As Nigerians prepare to celebrate this year’s easter, food prices have increased slightly, in continuation of a culture of hike in food prices during festive periods.
When our reporter visited the Deidei market in Bwari Area Council, the prices of most food items had gone up as consumers scuttled around in a last-minute shopping bid.
A bag of foreign rice which sold for 44,000 naira in January was listed for 45,000 naira while local rice went from 35,000 naira to 38,000 naira.
Similarly, a bag of 5kg semovita sold for 3,700 naira as against the 3,500 naira price in January, 1kg of semovita sold for 800 naira, a 100 naira increase from the January retail price.
The biggest increase within the stated period was in the price of tomatoes and pepper. A big basket of tomatoes is currently selling for N30,000 as against N24,000 in January while a smaller basket is selling for 3,500 as against 2,000 naira in January. A small basket of pepper currently retails at N3,000 as against N2,000 in January.
In the frozen food/meat section, 1kg of beef, chicken and turkey retailed for N3000, N2400 and N3900. In January they were sold at a price of N3000, N2200 and N3800. The price of beef was unchanged within this period.
For cooking oil, a 5 litre galon of King’s vegetable oil rose to N7,500 from N7,300 in January. While the 1 litre galon went up by N200, currently retailing for N1800 as against N1600 in January.
Some of the traders and consumers who spoke with our correspondent lamented the high food prices noting that things are becoming unbearable in the country.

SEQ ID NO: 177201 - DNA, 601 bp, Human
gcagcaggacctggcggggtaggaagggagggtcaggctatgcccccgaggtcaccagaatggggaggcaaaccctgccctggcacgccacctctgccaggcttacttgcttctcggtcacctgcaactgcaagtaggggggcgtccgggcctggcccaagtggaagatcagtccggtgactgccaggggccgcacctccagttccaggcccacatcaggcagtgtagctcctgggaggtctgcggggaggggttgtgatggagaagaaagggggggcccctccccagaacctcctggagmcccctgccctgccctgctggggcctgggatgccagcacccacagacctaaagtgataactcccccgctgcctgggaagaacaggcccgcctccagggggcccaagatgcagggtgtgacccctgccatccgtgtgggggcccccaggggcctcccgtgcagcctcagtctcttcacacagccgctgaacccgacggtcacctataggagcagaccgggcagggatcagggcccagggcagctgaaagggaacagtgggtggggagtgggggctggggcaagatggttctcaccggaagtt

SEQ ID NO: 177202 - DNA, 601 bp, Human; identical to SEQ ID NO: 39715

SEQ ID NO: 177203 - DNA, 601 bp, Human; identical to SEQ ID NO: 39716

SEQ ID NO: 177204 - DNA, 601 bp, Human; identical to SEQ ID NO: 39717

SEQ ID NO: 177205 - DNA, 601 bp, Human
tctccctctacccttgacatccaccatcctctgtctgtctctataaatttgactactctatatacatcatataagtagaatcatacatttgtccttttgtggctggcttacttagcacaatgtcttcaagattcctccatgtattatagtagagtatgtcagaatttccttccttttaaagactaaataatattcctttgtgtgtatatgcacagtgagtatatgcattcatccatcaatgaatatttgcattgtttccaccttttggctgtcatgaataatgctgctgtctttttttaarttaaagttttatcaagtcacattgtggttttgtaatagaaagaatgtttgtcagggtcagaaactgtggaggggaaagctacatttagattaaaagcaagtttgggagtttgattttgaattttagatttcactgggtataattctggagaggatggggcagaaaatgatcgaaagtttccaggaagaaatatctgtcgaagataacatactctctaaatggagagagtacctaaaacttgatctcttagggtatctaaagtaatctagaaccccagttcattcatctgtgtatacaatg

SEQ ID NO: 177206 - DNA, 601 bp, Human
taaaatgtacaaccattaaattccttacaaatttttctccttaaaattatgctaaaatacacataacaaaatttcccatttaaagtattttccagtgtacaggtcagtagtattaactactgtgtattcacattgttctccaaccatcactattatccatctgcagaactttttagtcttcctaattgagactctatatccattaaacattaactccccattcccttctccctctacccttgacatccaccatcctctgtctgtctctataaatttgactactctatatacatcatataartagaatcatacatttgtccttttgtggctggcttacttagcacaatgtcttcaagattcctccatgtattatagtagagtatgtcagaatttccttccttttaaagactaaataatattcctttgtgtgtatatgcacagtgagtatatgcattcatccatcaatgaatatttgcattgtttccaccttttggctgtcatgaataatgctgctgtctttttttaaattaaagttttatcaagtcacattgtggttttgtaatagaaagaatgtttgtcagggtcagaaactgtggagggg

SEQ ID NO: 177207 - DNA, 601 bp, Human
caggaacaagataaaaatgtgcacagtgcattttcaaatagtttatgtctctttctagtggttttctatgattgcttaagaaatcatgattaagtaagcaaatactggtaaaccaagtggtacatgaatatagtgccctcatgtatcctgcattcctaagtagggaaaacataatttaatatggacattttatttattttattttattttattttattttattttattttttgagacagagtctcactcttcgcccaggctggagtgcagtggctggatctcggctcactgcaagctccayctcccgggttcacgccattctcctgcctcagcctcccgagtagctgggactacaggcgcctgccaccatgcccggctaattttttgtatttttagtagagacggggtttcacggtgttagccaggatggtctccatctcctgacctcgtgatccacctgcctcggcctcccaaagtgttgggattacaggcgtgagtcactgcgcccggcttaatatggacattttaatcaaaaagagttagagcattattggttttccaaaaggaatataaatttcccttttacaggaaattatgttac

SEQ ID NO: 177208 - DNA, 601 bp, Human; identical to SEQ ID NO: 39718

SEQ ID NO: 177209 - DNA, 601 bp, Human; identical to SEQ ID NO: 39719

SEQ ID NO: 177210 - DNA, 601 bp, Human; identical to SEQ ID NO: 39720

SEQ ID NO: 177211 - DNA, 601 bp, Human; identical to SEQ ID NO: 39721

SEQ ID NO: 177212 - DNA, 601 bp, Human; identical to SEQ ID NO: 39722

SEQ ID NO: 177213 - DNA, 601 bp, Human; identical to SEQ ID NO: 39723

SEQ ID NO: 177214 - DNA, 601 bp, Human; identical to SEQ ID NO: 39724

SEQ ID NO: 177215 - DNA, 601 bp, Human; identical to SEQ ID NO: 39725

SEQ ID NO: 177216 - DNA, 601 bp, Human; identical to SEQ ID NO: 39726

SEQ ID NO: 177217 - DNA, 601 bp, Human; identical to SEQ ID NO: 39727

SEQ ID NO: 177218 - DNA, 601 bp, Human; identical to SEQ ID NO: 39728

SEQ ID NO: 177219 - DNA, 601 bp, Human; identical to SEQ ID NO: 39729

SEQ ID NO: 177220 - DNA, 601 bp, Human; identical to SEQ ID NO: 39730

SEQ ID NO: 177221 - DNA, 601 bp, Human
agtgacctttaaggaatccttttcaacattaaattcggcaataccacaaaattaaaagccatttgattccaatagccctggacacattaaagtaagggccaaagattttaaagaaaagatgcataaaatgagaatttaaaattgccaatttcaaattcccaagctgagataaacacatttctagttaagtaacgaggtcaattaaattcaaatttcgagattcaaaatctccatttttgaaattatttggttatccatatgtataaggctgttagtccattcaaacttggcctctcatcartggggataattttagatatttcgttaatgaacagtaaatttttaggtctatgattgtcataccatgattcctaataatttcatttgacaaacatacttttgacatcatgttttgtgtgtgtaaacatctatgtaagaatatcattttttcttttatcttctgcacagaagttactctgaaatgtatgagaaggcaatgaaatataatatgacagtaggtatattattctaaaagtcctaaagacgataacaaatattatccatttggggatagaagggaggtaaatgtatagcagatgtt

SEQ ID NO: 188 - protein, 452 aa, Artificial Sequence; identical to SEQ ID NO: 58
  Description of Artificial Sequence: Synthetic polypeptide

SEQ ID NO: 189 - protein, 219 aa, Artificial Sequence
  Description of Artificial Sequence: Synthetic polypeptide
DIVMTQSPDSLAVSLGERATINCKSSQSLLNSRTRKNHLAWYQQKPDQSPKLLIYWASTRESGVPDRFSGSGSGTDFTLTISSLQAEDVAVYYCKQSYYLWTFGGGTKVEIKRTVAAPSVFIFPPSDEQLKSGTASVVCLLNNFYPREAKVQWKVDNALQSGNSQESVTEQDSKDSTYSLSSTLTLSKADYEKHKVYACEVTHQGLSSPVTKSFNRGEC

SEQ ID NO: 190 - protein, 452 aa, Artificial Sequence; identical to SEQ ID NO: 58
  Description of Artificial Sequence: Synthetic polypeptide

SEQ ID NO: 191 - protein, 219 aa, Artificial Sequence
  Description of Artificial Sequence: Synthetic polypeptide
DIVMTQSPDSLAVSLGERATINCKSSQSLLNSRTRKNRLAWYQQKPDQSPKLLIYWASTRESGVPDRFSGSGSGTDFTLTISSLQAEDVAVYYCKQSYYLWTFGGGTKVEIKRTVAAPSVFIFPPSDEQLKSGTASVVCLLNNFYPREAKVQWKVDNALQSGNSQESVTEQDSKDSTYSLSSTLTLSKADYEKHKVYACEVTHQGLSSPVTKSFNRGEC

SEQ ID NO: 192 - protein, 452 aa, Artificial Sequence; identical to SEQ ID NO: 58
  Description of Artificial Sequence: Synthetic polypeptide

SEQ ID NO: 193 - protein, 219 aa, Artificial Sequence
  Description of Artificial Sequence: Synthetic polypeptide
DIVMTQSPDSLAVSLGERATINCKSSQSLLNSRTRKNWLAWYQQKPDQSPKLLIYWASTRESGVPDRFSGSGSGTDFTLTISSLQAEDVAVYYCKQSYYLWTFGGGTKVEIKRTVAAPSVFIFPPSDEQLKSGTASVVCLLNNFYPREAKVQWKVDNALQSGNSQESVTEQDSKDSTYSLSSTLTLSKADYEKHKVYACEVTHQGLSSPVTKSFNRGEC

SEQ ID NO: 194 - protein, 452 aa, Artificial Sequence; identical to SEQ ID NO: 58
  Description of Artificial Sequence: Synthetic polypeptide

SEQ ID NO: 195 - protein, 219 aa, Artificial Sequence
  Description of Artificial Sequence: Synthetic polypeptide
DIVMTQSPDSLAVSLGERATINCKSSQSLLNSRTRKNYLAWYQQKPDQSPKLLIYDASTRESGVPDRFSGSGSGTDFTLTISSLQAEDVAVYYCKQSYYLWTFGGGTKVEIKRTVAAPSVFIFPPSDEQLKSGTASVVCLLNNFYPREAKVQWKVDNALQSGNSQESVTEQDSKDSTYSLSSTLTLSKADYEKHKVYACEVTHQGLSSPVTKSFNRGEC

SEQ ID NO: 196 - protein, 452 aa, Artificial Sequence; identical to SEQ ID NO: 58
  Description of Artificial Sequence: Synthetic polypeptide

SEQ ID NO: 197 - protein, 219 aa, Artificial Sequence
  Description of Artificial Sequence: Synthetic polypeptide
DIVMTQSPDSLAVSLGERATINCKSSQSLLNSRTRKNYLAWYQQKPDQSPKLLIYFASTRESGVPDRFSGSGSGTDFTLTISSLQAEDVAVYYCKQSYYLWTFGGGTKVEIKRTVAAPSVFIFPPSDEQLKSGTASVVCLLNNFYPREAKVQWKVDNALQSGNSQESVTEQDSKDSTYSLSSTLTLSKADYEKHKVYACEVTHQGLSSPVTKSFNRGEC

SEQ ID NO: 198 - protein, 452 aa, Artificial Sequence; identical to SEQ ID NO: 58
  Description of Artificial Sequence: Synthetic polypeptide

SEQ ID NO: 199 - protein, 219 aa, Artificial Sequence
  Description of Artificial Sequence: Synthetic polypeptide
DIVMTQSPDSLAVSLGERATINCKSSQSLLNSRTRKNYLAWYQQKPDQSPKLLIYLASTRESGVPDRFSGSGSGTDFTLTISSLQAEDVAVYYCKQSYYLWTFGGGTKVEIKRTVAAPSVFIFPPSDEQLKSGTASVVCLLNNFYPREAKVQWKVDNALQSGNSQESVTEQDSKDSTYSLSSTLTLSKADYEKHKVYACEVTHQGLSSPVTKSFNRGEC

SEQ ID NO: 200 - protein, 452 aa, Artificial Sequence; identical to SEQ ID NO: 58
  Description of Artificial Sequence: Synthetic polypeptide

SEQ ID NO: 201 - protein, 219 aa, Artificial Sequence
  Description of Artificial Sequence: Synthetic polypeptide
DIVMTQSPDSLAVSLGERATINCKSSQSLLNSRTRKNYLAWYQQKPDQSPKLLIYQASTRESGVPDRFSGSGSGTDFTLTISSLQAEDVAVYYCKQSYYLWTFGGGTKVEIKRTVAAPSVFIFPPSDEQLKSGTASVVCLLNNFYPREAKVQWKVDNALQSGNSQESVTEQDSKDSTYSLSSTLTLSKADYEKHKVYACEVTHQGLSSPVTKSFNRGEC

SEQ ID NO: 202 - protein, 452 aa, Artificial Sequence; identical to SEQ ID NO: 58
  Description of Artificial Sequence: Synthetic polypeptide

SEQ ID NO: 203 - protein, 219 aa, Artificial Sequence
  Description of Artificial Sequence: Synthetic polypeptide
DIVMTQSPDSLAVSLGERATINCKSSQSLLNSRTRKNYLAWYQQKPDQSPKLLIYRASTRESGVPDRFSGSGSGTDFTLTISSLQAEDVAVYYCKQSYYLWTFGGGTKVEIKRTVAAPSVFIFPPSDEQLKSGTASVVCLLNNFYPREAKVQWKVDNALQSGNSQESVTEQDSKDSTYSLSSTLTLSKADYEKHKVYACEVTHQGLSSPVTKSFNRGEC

Omolade Favour who was in the market to buy food items her family will consume during easter lamented the high food prices describing the situation as ‘very bad’.
“Things have gone very bad in this country, I was in this market few weeks ago and the prices have gone up now, I had to cut out a lot of things from my budget and just buy what I can afford. Things are getting out of hand. The government should do something,” she said.
Mallam Shuaibu Adamu, a pepper seller in the market blamed the high cost of food items on the farmers.
“No be our fault, na as we dey buy we dey sell, things don cost even from the farm, so we no get choice but to increase our own price too, so we fit make profit on top,” he told our reporter.
Meanwhile, our correspondent observed that some traders are back to insisting on cash payments as the naira scarcity experienced in recent weeks disappears.
Attempts to pay by electronic means (transfer) were rebuffed as the traders insisted that cash was now everywhere.
“Cash don dey everywhere, if you no get, go and collect from POS because this transfer wahala too much,” a fish monger told our correspondent.